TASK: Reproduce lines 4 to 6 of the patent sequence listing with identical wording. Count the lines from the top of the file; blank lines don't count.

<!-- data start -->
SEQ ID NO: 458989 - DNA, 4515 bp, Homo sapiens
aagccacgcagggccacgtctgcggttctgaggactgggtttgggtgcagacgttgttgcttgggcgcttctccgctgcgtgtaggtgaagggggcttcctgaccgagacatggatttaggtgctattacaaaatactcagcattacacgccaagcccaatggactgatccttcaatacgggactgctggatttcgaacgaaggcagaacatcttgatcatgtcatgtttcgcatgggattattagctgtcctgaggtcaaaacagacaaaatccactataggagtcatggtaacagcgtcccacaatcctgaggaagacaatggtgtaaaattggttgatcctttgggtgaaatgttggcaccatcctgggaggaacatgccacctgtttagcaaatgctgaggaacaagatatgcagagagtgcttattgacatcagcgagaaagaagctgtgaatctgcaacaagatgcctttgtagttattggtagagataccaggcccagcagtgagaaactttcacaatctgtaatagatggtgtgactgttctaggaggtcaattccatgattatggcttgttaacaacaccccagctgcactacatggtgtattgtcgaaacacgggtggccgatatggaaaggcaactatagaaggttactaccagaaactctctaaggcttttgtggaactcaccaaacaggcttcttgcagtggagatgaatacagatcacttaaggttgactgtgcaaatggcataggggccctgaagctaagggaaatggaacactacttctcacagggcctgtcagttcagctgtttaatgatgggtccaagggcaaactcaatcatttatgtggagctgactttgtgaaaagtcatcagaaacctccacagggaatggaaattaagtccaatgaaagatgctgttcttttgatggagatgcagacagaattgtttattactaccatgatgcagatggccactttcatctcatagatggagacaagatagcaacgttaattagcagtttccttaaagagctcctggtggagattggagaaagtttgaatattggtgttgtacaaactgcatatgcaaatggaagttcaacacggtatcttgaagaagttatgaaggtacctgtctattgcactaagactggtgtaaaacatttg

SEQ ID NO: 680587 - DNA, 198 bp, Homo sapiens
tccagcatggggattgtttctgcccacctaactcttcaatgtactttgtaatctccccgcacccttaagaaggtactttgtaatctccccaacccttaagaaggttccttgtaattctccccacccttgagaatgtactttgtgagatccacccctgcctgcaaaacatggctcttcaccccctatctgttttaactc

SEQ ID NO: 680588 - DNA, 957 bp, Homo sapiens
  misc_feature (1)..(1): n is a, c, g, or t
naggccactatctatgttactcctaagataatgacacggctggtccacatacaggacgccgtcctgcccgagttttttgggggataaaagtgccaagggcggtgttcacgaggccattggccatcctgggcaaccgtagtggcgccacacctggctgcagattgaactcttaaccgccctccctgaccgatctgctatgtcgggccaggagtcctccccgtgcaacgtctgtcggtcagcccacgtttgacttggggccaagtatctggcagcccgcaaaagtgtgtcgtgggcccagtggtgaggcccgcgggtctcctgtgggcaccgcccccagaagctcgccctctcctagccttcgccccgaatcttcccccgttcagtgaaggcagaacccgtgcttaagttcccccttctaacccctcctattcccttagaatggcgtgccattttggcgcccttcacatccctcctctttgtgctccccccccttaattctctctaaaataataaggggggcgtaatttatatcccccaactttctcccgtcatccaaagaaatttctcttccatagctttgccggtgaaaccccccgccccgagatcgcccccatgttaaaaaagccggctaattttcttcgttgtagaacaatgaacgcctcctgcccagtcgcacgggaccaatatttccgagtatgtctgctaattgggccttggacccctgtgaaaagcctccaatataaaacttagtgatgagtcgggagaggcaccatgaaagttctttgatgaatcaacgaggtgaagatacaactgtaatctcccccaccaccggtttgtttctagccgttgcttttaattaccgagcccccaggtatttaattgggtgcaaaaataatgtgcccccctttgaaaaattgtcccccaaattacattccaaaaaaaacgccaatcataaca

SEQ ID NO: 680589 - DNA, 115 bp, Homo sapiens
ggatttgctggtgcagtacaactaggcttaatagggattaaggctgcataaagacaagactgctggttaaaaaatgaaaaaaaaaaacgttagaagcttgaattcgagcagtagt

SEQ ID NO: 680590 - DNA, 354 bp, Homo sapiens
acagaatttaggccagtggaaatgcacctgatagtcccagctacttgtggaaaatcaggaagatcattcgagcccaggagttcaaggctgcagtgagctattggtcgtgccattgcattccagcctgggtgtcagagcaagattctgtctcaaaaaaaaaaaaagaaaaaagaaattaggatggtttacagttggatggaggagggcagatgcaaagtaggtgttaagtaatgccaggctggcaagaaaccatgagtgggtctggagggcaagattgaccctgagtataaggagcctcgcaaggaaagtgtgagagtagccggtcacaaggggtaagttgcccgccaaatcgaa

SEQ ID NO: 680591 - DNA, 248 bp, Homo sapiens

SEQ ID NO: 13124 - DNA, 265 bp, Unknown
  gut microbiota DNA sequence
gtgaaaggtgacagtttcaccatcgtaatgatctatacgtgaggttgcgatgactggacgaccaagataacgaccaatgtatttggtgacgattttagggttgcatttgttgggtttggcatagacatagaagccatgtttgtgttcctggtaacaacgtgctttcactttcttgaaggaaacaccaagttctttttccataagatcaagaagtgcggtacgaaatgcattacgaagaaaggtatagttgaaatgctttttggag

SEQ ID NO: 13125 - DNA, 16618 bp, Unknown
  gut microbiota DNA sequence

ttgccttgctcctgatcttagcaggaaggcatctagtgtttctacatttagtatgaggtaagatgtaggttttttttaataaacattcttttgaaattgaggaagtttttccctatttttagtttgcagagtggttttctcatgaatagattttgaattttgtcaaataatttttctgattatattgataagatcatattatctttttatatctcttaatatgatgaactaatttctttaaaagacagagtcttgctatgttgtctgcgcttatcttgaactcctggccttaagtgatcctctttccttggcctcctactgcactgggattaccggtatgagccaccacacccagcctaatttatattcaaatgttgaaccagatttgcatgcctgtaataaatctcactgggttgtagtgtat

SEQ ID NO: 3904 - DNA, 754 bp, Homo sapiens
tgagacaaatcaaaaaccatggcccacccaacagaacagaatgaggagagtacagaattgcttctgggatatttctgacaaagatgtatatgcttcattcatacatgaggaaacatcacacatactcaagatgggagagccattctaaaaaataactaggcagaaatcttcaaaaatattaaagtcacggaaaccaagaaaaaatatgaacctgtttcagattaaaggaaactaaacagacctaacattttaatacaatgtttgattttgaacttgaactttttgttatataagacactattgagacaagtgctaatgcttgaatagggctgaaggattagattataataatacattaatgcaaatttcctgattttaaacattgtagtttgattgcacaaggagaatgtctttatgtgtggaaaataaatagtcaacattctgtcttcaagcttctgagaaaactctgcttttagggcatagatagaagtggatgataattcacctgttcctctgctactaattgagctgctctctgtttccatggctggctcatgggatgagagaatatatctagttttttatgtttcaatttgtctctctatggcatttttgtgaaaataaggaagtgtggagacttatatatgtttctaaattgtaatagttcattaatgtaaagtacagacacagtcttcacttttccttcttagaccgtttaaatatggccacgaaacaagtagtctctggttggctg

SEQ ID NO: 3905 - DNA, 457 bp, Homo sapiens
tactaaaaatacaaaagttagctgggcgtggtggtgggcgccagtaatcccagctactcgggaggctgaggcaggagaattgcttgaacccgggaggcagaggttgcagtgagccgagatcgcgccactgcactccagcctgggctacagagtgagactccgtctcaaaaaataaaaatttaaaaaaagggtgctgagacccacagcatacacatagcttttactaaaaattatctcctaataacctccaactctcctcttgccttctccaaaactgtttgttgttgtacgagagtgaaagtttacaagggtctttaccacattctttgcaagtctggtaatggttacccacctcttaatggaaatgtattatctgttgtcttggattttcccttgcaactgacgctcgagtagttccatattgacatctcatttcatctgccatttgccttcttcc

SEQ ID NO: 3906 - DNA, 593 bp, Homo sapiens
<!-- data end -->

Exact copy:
tccagcatggggattgtttctgcccacctaactcttcaatgtactttgtaatctccccgcacccttaagaaggtactttgtaatctccccaacccttaagaaggttccttgtaattctccccacccttgagaatgtactttgtgagatccacccctgcctgcaaaacatggctcttcaccccctatctgttttaactc

SEQ ID NO: 680588 - DNA, 957 bp, Homo sapiens
  misc_feature (1)..(1): n is a, c, g, or t